Mellon’s John Hull Tops Non-Profit CIO Pay Rankings

Institutional Investor – March 15, 2012  •  Frances Denmark

Charles Skorina had a problem. As an executive search consultant specializing in filling investment officer holes at pension funds and endowments, he was often asked by boards of trustees to produce metrics to aid in candidate comparisons. But in his 30 years in the search business, such data had proved hard to come by ­— that is, until late January. That’s when Skorina’s “CIO Performance-for-Pay” ranking (see chart below) hit the institutional investor zeitgeist.

Skorina, a former Russian linguist in the U.S. Army with an MBA from the University of Chicago, has collected a lot of data over three decades. But he pondered what data to use and how to present the findings. “I thought a lot about it,” says the headhunter, who publishes a humor-laced monthly letter detailing anecdotes around endowment and pension executive turnover, which he estimates as 10 percent a year. For the index, Skorina says, “we finally decided to do the top 50 and use a simple standard measure.” That measure turns out to be a comparison of a CIO’s annual salary with their fund’s annual returns, with Sharpe ratios and standard deviation thrown in.

Even among CIOs with the highest rankings, the feedback from the investor community has not all been positive. “It’s not entirely factually based,” explains University of Michigan CIO Erik Lundberg (No. 2). His objection: Skorina shows Lundberg’s base pay exclusive of the CIO’s performance bonus that gets paid out over several years. Lundberg says that some of his peers object to the timing of the five-year survey which includes poor fund performance during the financial crisis of 2008-’09.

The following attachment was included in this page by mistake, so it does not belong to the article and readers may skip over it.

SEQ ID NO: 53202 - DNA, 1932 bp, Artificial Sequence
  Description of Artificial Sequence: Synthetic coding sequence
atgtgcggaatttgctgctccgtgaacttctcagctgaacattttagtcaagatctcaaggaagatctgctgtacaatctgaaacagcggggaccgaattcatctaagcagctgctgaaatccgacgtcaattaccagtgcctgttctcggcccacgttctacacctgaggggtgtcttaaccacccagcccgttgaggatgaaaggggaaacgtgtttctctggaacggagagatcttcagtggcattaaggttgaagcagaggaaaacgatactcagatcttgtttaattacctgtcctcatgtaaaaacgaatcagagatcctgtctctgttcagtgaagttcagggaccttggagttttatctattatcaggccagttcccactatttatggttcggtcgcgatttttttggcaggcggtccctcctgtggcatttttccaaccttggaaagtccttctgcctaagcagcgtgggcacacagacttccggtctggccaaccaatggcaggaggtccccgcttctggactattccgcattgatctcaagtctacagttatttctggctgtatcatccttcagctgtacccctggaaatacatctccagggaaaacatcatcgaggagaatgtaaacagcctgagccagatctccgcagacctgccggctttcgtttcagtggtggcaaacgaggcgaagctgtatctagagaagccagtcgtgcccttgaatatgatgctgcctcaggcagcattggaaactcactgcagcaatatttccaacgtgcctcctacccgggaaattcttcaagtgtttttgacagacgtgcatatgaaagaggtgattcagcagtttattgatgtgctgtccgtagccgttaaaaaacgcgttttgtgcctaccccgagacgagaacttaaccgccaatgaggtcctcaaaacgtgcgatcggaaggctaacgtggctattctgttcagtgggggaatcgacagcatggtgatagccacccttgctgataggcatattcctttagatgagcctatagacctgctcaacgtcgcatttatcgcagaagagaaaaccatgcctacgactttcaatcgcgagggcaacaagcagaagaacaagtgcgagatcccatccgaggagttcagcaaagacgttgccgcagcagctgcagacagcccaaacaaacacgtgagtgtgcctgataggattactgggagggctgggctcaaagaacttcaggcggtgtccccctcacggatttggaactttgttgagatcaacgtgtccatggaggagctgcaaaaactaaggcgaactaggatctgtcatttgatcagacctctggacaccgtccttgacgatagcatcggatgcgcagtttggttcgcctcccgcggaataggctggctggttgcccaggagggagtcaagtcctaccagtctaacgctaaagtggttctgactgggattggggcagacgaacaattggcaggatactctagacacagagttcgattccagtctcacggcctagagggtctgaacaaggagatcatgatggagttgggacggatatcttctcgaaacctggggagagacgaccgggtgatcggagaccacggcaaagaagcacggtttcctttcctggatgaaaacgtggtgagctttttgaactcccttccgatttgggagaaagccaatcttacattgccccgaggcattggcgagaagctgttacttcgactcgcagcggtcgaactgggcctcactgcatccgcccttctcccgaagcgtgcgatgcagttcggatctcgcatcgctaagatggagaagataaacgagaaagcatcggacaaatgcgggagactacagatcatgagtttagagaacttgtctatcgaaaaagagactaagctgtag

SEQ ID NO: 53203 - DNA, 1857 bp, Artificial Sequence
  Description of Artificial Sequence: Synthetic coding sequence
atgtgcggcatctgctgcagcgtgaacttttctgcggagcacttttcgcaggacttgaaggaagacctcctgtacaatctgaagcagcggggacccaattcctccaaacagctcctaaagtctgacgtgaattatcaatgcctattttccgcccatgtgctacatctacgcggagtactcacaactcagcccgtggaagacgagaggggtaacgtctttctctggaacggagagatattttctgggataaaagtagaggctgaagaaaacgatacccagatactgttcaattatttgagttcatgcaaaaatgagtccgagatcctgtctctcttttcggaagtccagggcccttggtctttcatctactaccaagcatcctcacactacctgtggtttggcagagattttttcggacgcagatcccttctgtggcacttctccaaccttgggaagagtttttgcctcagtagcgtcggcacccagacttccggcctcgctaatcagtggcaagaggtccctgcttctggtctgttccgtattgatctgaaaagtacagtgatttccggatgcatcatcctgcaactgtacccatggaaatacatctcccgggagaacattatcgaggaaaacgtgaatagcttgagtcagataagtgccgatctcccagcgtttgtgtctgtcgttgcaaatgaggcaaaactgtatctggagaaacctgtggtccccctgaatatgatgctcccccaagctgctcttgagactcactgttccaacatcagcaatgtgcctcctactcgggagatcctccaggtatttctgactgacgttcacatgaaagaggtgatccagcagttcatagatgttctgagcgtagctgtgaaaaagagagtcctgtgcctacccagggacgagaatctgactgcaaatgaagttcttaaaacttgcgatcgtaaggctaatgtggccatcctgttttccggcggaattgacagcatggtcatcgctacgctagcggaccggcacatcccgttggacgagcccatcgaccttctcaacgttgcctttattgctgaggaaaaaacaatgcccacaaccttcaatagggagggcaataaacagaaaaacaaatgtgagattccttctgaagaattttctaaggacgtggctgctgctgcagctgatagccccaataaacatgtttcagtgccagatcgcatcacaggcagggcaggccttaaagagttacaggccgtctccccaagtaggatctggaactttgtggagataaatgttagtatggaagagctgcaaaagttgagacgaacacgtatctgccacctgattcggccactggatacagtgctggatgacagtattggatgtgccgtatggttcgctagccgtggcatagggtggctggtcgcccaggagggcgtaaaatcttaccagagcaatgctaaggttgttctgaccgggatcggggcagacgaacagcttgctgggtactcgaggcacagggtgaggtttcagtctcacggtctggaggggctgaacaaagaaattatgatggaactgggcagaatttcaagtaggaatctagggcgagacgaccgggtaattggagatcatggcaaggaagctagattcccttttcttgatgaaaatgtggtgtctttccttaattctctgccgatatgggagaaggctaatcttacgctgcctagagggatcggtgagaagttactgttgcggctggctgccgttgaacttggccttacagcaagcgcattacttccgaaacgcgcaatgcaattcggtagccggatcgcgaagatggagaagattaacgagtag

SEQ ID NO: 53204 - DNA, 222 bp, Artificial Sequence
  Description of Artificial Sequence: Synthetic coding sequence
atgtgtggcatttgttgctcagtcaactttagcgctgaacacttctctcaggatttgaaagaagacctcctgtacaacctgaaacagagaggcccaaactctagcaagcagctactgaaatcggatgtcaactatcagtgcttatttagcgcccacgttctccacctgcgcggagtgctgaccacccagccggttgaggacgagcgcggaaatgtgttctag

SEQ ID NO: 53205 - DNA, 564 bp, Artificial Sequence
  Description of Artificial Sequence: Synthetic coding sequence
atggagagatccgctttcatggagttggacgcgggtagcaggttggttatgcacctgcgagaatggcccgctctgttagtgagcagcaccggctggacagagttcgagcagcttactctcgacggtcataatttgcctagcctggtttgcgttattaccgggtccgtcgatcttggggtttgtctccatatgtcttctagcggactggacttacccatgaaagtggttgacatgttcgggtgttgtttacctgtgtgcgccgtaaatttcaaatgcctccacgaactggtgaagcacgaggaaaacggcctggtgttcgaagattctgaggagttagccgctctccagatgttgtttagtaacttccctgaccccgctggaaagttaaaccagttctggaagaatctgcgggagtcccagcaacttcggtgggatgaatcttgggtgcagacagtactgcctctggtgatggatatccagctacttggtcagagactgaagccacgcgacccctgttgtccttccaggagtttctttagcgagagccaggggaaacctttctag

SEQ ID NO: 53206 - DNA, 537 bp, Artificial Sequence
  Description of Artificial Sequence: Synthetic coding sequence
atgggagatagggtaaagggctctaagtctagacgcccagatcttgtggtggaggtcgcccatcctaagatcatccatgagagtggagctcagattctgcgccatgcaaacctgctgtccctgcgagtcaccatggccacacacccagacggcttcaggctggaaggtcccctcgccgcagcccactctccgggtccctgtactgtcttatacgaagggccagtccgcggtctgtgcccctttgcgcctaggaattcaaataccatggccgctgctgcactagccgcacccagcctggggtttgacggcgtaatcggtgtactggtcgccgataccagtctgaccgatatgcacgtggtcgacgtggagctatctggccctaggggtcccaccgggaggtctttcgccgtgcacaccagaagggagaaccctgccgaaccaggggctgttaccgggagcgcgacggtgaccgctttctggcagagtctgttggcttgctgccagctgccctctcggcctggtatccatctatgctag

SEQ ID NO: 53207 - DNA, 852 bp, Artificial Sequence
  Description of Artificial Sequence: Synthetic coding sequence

“I think it’s really silly,” says Deborah Kuenstner (No. 5), CIO of Wellesley College. “It’s not meaningful, because the data is too noisy.” Kuenstner points out that her track record at her alma mater only goes back to 2009, when she replaced Jane Mendillo (No. 48), who departed for Harvard University. But because Skorina used five-year data, part of Kuenstner’s high return-to-pay ratio is attributable to Mendillo’s previous efforts.

Skorina agrees that there is no perfect measure and that data imperfections did leak into his index. He points to Jonathan Hook (No. 49), CIO of Ohio State University, as an example. Hook took over the OSU endowment in 2009 after it earned a 5.1 percent return for the previous three years. During the same time period, Hook earned a 12.3 percent return for Baylor University. “It’s not entirely fair to saddle him with the mediocre performance of OSU before he got there,” admits Skorina, who does include an explanatory note in the full report. Sharpe ratio–to-compensation and other measures are also included in the full report.

The headhunter promises to revise his next CIO index, taking these complaints into account. For now, he concludes: “You can have a thousand different soft measures for a CIO. At the end of the day, you hire this person to make money for your institution.”

CIO Performance-for-Pay Ranking
Including 5-year returns and total compensation
50 Highest-Paid Nonprofit Chief Investment Officers
(bps/$100k of compensation: 2006-2010)


CIO Performance for Pay


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